Tuesday, May 27, 2014

Elementary School Teacher institutes pay-for-potty policy. Pee-larity ensues

** Abe Simpson mode on **
Do you remember when America was great?*  We were a nation of builders.  We blazed trails instead of trailing the blazers.  We survived on our own wits and conquered nature.  We won wars and baked lattice-crusted apple-pies to cool on our suburban windowsills while our 2.5 children played with the family golden retriever inside the white picket-fence.

**Abe Simpson mode off **
Now, it's all about how great American cities are crumbling.  Some are declaring bankruptcy.  People of noble stature and high office are embroiled in scandal and ridicule.  Domestic events and family secrets aren't handled behind closed bedroom doors anymore - they are broadcast across the planet at the speed of light.  America is seen as lagging behind other nations in manufacturing, industry, and education.

We appear to know too much and not enough.

This one Washington state teacher in particular decided to try a non-sanctioned program to introduce economics to an elementary school class.  (S)he instituted a form of play-currency among the third-graders.  Students could earn money through various tasks, but also had to pay money to do certain things.

..one of which was to get permission to use the toilet.

Yes, you've already imagined the inevitable has already happened, but let's entertain this a bit further.

I am reminded of the wise-words my most-brilliant and favorite Latin teacher once told me:  "I don't have to do anything but die and go potty."

Sure enough, everything else outside of those two life-options was in one form or another - optional.  This underscores the importance of the toilet in our existence.  It is unavoidable.

It is probably the unavoidable-ness of the potty which this teacher chose to focus on.  (S)he no doubt wanted to stress the validity and power of currency by linking it to such a vital need.  I imagine asking the students to pay for breathing would've accomplished the same goal.  However, (s)he is asking a room of third-graders to budget-their-funds-in-advance.  Let me stress that I am a forty-three year-old male and I require retirement-planning assistance.

As an exercise, I'll just rattle-off some concepts associated with this economics lesson:
1.  Emergency fund planning - the children should have money set-aside for one emergency
2.  Biological monitoring - the children should have an accurate projection of their bathroom needs for each day.  Only then can they foresee their economic needs for using the toilet.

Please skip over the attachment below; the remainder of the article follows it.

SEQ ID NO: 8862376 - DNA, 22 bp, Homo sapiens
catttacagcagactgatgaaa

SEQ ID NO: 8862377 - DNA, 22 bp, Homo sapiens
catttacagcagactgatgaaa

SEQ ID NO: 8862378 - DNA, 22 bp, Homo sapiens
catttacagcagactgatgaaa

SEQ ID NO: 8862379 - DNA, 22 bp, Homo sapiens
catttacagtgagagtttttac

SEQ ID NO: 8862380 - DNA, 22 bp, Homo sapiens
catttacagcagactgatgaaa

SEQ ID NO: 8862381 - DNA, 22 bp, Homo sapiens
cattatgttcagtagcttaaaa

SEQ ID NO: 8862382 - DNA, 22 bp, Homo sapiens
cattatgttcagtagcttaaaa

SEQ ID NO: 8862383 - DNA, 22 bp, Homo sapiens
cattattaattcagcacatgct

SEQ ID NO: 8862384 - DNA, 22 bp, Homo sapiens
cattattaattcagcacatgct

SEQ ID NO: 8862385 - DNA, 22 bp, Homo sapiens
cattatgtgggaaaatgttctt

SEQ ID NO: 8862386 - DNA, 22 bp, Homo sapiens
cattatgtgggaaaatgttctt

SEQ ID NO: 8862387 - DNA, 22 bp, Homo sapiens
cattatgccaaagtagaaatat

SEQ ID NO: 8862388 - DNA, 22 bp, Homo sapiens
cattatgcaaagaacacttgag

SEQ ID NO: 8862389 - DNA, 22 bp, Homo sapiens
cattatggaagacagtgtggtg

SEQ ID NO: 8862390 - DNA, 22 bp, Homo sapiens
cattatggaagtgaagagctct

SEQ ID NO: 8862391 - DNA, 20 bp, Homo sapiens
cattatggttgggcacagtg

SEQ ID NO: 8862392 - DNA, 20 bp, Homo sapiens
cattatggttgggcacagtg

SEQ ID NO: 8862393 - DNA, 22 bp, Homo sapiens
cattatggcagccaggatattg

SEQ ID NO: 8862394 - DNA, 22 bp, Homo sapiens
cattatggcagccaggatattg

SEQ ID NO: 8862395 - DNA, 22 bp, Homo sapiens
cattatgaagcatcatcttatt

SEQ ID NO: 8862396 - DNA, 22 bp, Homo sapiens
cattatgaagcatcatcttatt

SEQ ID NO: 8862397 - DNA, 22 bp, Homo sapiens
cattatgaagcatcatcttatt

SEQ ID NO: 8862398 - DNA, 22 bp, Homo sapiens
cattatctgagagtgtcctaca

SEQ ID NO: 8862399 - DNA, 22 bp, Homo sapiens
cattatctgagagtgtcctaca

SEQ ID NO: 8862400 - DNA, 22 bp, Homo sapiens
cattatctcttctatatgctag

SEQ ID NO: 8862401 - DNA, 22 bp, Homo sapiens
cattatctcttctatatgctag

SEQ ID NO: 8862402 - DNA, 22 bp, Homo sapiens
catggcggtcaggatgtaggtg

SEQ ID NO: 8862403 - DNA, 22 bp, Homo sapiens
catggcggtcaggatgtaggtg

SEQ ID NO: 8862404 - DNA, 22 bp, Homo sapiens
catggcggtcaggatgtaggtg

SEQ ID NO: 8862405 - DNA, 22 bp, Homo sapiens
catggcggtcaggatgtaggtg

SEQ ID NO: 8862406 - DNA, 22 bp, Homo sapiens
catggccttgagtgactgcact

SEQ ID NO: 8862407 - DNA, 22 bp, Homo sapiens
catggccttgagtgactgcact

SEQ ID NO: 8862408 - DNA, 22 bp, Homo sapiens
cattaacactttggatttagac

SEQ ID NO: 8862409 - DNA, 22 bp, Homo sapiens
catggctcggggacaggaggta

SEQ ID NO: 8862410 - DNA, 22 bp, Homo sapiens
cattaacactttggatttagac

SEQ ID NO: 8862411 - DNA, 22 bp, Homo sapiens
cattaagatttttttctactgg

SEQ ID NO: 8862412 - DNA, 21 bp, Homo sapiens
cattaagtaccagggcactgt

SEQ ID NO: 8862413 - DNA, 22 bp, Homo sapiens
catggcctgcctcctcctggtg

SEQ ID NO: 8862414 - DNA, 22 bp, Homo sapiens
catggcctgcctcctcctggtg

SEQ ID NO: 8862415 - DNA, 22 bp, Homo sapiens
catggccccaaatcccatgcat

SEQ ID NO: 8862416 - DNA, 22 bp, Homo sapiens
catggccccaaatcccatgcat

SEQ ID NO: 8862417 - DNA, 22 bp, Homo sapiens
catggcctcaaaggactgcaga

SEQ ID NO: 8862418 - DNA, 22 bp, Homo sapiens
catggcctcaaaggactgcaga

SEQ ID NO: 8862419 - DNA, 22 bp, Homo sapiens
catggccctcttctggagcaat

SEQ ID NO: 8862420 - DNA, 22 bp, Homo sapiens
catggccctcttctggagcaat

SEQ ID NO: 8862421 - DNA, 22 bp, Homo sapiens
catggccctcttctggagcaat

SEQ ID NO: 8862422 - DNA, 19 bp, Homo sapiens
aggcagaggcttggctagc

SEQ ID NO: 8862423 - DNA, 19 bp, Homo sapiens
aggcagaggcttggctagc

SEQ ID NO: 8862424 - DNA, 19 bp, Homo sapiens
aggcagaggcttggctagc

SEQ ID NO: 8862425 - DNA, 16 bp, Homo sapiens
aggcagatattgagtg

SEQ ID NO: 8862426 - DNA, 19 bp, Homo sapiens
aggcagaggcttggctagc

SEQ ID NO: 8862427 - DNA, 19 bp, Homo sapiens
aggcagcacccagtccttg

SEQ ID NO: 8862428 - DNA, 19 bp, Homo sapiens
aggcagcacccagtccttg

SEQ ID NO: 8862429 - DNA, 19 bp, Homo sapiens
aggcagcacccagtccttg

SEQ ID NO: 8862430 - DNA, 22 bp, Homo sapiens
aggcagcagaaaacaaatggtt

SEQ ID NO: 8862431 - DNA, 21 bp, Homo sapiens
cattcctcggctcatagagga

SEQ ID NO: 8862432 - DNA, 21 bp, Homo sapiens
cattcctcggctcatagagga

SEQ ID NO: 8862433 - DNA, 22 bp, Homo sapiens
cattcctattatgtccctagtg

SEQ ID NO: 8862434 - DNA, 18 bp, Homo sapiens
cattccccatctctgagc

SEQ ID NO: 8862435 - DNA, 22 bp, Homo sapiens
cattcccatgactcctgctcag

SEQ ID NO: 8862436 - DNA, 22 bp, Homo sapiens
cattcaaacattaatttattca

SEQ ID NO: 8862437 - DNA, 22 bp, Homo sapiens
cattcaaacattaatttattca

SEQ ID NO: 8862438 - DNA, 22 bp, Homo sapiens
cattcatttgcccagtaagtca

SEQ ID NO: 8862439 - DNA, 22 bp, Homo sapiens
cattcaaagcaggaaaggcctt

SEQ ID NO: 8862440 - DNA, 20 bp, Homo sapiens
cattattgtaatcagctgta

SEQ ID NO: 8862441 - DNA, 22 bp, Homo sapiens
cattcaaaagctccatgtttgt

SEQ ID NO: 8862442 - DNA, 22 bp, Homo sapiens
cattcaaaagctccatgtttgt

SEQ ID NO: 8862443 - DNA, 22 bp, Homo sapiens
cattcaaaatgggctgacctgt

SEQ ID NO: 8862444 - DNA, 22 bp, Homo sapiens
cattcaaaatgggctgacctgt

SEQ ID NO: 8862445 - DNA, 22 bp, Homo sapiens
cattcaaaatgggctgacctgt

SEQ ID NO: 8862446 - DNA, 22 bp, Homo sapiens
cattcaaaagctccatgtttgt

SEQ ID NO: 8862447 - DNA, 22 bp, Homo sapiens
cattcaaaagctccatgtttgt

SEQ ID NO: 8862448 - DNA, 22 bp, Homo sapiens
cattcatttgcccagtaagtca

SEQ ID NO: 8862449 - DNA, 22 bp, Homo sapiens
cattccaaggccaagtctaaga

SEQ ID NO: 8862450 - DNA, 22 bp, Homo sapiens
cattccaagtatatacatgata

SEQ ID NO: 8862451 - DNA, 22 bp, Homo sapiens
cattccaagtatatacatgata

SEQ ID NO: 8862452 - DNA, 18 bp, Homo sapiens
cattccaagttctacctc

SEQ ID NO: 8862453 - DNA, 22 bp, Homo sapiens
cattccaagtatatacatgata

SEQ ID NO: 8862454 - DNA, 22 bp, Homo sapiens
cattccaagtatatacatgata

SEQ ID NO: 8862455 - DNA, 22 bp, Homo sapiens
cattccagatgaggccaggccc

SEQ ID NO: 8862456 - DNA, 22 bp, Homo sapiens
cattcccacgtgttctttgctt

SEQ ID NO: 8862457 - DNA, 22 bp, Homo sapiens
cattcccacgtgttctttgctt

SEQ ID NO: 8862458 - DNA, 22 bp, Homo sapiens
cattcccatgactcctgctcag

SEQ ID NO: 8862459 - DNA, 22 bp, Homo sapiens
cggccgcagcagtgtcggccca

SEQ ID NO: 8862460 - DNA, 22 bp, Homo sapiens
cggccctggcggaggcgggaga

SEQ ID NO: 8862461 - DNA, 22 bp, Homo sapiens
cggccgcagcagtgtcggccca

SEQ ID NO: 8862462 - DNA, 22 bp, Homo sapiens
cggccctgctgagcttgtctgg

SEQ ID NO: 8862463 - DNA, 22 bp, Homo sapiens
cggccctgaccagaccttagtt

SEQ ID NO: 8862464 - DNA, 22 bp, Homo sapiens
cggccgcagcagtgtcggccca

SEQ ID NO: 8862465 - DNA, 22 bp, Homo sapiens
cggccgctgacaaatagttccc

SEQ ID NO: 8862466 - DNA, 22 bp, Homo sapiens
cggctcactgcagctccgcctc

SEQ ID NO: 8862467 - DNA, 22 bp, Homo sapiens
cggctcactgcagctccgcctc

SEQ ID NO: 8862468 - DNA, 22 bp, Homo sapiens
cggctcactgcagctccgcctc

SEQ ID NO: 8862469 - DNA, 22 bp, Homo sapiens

3.  Dietary monitoring - the children should be aware of what they are consuming each day (food and drink) and recognize how that will impact their economic needs for using the toilet.
4.  Economic scale - the children should recognize how much effort and work is required to earn enough to meet their economic needs for using the toilet.
5.  Predatory practices - the children should recognize when income versus expense ratios are unfair and either demand increases in wage or protest.
6.  Alternative methods to earning - the children should embrace their entrepreneurial spirit and seek independent means (legality notwithstanding) of generating income to satisfy the economic needs for using the toilet.

I'm certain there are other aspects which were not even considered by this teacher - but it is apparent that the students were very intimidated by this situation to the extent that their clothes were soiled.

This is not making America great at all.

I *WANT* teachers to make pro-athlete salaries.  That is how vital I view quality education.  That is how much trust and respect I place in my children's teachers.  I don't want off-the-street Joe-the-plumber teaching my kids.  I want someone qualified, certified, recognized, and well-respected.  Someone who connects with my kids for LIFE.  Someone who wouldn't think of starting a capitalism lesson for third-graders involving biological functions and pay-on-demand policies.

* - for the record, I will always view America as the greatest nation on Earth.  I think knowing is better than not-knowing.  I think children, teachers, and the planet are the greatest investments we have to ensure the future of humanity.  How's that for an economics lesson?

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